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that's why if we're ever late for an appointment, we'll credit your account $20. it's our promise to you. we're doing everything we can to give you the best experience possible. because we should fit into your life. not the other way around. just hours after the deadly attacks in paris earlier this month when milwaukee county sheriff david a. clark, a frequent fox news guest, tweeted "if gop plays this politically smart they can end any chance the dems win the white house in 2016. war is politics carried on by other means." that same night ann coulter wrote, "they can wait if they like until next november for the actual balloting but donald trump was elected president tonight." that view expressed rather crudely above that the american people turn to the gop during times of increased fear of terrorism is a widely held view. one could almost call it's conventional wisdom. in fact, today marco rubio released his first tv ad focusing on terrorism,
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specifically the attacks in paris. >> what happened in paris could happen here. there is no middle ground. these aren't disgruntled or disempowered people. these are radical terrorists who want to kill us. i'm marco rubio. i approve this message because there can be no arrangement or negotiation. either they win or we do. >> that ad will start airing tomorrow according to the rubio campaign, but new polling out today challenges the premise that americans turn toward the gop when terrorism is a major concern. a "washington post"/abc news poll finds when asked who they trust more to handle the threat of terrorism hillary clinton or the republican candidates for president, the american people choose the former secretary of state over and over again. in fact, on that question people trust hillary clinton over ben carson 49-40, which leaves donald trump 58-42. marco rubio 47-43. and finally jeb bush 46-43. tonight we have a new development in the case of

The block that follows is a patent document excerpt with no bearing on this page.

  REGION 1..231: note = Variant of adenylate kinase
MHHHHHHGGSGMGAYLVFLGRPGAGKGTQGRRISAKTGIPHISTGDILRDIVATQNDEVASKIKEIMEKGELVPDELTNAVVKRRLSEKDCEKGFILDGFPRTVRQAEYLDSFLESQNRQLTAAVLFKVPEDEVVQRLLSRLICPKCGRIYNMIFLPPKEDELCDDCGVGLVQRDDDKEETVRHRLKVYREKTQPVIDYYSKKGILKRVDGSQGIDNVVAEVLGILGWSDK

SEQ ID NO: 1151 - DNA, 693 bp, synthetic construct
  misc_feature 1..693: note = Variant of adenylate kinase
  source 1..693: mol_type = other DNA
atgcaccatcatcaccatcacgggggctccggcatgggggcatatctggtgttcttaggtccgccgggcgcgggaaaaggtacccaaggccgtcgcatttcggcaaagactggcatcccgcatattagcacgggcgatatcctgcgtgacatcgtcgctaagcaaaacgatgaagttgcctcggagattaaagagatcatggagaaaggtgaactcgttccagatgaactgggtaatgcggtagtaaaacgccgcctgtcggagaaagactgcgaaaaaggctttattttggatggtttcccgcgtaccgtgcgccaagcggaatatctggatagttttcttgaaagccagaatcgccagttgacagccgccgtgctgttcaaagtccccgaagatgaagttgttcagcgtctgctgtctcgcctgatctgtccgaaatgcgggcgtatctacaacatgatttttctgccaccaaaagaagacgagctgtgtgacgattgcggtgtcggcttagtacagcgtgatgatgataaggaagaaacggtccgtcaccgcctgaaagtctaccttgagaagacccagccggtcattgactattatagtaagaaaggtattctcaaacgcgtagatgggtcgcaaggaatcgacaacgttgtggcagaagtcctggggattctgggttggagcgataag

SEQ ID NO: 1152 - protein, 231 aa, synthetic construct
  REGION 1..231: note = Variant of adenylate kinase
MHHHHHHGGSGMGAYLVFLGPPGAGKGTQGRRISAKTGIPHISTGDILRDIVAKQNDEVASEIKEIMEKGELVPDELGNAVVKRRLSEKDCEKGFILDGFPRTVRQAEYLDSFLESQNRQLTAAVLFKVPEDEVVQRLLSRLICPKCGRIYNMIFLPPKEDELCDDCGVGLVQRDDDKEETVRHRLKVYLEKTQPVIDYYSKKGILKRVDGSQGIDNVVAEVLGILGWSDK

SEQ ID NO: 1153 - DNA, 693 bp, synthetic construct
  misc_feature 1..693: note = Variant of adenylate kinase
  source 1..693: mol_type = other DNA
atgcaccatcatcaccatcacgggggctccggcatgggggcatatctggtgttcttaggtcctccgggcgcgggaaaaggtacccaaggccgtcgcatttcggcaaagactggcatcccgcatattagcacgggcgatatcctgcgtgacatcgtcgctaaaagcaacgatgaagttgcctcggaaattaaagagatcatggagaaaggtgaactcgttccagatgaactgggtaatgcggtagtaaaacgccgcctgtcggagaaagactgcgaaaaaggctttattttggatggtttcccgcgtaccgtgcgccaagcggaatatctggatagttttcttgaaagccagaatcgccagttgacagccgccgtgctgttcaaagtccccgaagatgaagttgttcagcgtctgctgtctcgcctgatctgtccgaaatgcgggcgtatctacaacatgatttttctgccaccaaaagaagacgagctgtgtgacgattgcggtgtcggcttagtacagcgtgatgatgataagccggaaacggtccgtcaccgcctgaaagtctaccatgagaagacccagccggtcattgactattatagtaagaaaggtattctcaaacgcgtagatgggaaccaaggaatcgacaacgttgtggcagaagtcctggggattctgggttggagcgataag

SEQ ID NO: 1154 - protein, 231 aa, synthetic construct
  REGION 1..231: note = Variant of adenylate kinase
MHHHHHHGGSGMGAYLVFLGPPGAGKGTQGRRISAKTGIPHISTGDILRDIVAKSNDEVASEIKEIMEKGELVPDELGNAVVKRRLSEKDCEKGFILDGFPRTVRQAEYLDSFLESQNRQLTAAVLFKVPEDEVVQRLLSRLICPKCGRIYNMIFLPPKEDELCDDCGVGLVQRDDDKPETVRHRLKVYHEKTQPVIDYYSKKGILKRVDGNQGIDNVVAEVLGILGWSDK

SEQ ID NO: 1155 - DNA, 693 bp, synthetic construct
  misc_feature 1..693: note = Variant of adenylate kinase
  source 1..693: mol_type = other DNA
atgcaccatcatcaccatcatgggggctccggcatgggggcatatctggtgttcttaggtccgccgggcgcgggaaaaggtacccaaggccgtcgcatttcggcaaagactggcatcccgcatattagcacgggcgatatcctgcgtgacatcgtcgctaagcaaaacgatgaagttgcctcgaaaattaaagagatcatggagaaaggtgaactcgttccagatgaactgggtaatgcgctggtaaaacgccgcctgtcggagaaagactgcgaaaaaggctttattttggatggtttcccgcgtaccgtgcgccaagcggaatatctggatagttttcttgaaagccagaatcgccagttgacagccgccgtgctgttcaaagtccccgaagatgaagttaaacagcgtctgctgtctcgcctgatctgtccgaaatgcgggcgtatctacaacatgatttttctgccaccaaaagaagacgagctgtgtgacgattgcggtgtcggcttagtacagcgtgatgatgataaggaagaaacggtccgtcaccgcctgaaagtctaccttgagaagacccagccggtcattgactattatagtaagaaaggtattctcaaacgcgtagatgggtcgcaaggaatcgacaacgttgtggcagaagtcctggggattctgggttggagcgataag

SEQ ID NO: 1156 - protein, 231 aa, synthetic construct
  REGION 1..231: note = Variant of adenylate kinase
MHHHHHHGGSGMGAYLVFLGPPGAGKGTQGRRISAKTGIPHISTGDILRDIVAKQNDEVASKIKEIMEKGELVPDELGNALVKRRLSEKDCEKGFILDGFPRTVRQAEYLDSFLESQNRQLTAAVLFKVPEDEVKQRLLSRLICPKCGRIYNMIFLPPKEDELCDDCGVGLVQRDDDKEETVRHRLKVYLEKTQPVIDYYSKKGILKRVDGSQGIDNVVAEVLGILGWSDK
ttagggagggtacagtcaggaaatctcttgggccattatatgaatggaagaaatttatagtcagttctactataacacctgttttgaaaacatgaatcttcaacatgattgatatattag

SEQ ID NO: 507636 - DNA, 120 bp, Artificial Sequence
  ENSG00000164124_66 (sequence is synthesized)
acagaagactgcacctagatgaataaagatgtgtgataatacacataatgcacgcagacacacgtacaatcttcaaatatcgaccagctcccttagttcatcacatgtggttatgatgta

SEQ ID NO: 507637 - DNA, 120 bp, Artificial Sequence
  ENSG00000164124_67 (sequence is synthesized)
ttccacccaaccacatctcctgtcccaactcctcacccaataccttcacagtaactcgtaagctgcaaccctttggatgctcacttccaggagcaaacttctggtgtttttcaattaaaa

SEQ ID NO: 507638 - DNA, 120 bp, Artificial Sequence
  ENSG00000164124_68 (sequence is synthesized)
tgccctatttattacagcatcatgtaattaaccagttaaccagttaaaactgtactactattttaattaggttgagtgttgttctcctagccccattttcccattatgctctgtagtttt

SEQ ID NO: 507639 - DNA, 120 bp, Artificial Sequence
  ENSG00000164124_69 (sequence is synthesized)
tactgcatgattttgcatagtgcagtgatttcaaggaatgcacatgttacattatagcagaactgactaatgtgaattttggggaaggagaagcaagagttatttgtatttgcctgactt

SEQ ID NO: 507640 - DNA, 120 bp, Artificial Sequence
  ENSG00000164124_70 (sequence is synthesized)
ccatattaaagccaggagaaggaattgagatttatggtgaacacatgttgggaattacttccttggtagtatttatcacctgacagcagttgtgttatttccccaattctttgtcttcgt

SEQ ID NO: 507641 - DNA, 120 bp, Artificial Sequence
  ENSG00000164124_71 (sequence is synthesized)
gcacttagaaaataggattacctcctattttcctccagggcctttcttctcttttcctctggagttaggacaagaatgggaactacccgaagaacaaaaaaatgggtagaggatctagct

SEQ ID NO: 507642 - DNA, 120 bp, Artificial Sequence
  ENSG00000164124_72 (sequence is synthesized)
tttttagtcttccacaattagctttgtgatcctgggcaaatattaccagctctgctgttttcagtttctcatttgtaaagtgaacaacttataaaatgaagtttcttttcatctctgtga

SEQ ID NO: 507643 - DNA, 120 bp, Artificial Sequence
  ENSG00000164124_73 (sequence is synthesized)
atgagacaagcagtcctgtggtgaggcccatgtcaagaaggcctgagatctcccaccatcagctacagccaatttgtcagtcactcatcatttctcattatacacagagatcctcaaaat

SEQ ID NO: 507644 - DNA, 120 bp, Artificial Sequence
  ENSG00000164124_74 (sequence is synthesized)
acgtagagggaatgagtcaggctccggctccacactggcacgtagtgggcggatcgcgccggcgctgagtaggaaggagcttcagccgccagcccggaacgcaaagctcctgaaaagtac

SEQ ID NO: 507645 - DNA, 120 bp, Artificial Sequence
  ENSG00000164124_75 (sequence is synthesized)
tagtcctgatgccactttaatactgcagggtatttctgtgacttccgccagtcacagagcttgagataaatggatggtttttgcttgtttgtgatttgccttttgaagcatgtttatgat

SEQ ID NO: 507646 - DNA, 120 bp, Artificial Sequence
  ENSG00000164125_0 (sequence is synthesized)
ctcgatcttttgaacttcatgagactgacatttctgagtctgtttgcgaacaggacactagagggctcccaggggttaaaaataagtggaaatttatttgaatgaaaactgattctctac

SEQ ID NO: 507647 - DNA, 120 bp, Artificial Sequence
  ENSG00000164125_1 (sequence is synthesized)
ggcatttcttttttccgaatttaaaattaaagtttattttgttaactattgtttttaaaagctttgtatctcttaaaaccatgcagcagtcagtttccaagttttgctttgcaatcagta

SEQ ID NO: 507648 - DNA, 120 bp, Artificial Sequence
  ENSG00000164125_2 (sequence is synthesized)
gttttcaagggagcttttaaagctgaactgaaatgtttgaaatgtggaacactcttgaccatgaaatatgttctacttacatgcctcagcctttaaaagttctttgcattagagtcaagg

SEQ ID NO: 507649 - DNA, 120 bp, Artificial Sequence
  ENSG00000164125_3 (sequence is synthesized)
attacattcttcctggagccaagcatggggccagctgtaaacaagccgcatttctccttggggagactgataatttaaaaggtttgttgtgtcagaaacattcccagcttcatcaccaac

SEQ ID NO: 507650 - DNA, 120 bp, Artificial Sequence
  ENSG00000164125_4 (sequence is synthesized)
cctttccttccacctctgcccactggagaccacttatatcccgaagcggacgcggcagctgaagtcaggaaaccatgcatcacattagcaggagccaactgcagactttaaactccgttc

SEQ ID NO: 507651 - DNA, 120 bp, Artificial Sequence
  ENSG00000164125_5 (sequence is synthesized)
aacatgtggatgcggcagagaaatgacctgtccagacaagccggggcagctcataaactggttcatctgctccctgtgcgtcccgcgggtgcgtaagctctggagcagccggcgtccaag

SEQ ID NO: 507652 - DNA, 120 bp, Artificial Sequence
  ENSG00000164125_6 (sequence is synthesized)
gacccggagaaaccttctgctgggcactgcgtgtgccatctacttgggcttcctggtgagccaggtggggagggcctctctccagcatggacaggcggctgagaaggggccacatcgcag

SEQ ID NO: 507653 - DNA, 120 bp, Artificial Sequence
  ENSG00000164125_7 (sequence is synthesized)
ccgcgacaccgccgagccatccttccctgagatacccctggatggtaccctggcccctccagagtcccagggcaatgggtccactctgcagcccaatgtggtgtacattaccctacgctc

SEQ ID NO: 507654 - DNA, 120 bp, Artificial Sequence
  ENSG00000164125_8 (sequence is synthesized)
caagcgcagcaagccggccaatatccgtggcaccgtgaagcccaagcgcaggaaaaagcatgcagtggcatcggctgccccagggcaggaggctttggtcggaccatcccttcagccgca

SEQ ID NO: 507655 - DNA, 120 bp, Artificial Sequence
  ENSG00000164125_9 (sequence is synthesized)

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so i liked when my doctor told me i may reach my blood sugar and a1c goals by activating what's within me. with once-weekly trulicity. trulicity is not insulin. it helps activate my body to do what it's supposed to do release its own insulin. trulicity responds when my blood sugar rises. i take it once a week, and it works 24/7. it comes in an easy-to-use pen and i may even lose a little weight. trulicity is a once-weekly injectable prescription medicine to improve blood sugar in adults with type 2 diabetes. it should be used along with diet and exercise. trulicity is not recommended as the first medicine to treat diabetes and should not be used by people with severe stomach or intestinal problems, or people with type i diabetes or diabetic ketoacidosis. trulicity is not insulin and has not been studied with long-acting insulin. do not take trulicity if you or anyone in your family has had medullary thyroid cancer or multiple endocrine neoplasia syndrome type 2
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laquan mcdonald. that's the 17-year-old african-american boy who was shot and killed by a white chicago police officer last october and whose death we've been covering for months here on this program. a source with intimate knowledge of the case tells wmaq investigative political editor carol marin the officer will be indicted tomorrow and the tape of mcdonald's death will be released on wednesday pursuant to a court order. now, at the time of the shooting all the way last october the chicago police department did not offer an official account but a spokesperson for the fraternal order of police union said at the time the teen began walking toward pulaski road and ignored the officer's request to drop the knife. officers got out of their car and approached mcdonald again telling him to drop the knife, camden said. the boy allegedly lunged at police and one of the officers opened fire. mcdonald was shot in the chest. he was pronounced dead at nearby hospital. the medical examiner's report showed the teen was shot not just once in the chest but 16
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times in the chest, scalp, neck, elbow, leg, arms, hand, and back. months later the chicago city council unanimously approved a $5 million settlement to the teen's family before any suit had been filed. laquan mcdonald's family and their lawyers have agreed not to release the dash cam footage to the public while there's still ongoing joint state and federal criminal investigation into the shooting. however, one of the lawyers for the family of mcdonald, who's seen the video, described the footage to "all in." >> when laquan is about 12 to 15 feet away from the officers, the width of an entire lane of the southbound traffic, one officer begins shooting. laquan immediately spins to the ground and the video then clearly shows that the officer continues to shoot laquan multiple times as he lays in the street. 16 seconds pass from the time laquan hits the ground until the last visible puff of smoke rises